It's only Tuesday and already it's been an interesting week for the world of digital rights. Not only did the British government changed the wording around its controversial 'three strikes' proposals, but the secretive anti-counterfeiting treaty, Acta, was back in the headlines. Meanwhile, a US judge is still deliberating over the Google book settlement.
As if all that wasn't enough, here's another brick to add to the teetering tower of news, courtesy of Andres Guadamuz, a lecturer in law at the University of Edinburgh.
Guadamuz has done some digging and discovered that an influential lobby group is asking the US government to basically consider open source as the equivalent of piracy - or even worse.
What?It turns out that the International Intellectual Property Alliance, an umbrella group for organisations including the MPAA and RIAA, has requested with the US Trade Representative to consider countries like Indonesia, Brazil and India for its "Special 301 watchlist" because they use open source software.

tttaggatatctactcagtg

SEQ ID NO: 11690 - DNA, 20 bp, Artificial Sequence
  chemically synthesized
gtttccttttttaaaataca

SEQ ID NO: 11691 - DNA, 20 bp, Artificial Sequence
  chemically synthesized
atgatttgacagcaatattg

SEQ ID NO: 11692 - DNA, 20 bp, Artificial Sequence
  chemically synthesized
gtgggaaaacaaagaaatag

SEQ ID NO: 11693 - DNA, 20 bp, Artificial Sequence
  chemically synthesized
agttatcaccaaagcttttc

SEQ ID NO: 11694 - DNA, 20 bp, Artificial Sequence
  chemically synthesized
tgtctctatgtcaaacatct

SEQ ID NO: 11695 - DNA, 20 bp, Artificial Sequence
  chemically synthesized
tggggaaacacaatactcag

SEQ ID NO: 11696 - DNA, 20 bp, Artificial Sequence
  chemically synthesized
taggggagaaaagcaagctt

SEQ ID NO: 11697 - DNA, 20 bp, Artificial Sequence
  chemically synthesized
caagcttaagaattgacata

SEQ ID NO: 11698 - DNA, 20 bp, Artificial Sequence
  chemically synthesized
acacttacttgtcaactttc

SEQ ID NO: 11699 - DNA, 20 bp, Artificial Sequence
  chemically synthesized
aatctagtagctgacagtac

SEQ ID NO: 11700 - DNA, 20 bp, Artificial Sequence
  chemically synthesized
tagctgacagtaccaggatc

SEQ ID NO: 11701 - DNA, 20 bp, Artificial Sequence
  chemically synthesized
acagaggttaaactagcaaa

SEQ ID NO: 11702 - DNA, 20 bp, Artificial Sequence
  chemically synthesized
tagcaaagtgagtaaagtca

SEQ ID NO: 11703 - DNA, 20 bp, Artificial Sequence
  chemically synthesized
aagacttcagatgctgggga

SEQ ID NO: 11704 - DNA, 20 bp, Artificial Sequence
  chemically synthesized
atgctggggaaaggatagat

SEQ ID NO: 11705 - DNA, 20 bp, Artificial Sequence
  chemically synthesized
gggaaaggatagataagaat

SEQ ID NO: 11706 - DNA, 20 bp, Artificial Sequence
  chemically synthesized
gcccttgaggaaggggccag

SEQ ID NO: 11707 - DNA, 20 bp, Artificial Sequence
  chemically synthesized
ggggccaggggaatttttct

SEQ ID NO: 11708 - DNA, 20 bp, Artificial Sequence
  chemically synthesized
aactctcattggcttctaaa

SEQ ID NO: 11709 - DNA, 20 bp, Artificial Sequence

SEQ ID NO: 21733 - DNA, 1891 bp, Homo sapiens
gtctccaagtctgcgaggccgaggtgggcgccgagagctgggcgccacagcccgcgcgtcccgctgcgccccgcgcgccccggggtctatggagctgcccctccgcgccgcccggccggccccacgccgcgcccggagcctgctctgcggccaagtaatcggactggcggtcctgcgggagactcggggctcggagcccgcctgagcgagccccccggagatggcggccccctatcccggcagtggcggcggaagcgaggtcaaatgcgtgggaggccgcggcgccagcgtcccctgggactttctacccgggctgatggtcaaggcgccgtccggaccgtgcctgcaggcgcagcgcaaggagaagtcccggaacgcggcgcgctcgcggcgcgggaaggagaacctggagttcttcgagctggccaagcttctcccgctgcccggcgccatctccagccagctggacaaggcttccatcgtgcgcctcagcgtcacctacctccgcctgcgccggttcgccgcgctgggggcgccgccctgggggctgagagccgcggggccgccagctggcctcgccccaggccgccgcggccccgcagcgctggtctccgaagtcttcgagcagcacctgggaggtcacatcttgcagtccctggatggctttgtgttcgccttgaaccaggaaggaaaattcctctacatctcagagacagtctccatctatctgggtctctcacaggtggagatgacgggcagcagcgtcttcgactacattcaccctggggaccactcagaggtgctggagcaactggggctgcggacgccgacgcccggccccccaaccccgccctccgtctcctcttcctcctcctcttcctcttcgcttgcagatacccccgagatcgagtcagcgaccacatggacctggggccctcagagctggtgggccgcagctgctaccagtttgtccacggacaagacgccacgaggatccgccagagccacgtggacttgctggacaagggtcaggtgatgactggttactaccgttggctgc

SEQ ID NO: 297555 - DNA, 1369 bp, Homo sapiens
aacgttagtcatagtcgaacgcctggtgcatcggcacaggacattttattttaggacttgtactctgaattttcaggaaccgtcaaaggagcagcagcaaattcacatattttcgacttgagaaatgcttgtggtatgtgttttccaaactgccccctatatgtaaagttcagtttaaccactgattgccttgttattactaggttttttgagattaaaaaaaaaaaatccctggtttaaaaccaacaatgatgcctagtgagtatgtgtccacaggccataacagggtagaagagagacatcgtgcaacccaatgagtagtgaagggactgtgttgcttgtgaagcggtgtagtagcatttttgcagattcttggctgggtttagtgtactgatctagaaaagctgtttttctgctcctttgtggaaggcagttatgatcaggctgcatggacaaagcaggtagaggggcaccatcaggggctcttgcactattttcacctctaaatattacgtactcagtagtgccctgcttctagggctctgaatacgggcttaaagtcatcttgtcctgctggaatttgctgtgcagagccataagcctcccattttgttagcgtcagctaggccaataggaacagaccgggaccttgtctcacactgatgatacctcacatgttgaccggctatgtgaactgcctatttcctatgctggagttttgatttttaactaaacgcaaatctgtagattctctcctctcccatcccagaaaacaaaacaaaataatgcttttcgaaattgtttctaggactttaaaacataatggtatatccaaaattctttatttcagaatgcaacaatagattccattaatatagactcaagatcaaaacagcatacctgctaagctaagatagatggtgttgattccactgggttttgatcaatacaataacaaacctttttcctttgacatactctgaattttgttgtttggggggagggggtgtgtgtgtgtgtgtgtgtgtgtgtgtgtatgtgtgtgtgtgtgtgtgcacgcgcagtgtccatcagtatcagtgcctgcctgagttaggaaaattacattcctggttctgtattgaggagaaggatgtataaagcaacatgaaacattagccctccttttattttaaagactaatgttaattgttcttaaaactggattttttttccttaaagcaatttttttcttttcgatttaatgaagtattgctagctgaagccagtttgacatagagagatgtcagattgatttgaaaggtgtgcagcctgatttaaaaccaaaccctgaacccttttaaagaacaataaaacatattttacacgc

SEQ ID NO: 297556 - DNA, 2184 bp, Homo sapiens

What's Special 301? It's a report that examines the "adequacy and effectiveness of intellectual property rights" around the planet - effectively the list of countries that the US government considers enemies of capitalism. It often gets wheeled out as a form of trading pressure - often around pharmaceuticals and counterfeited goods - to try and force governments to change their behaviours.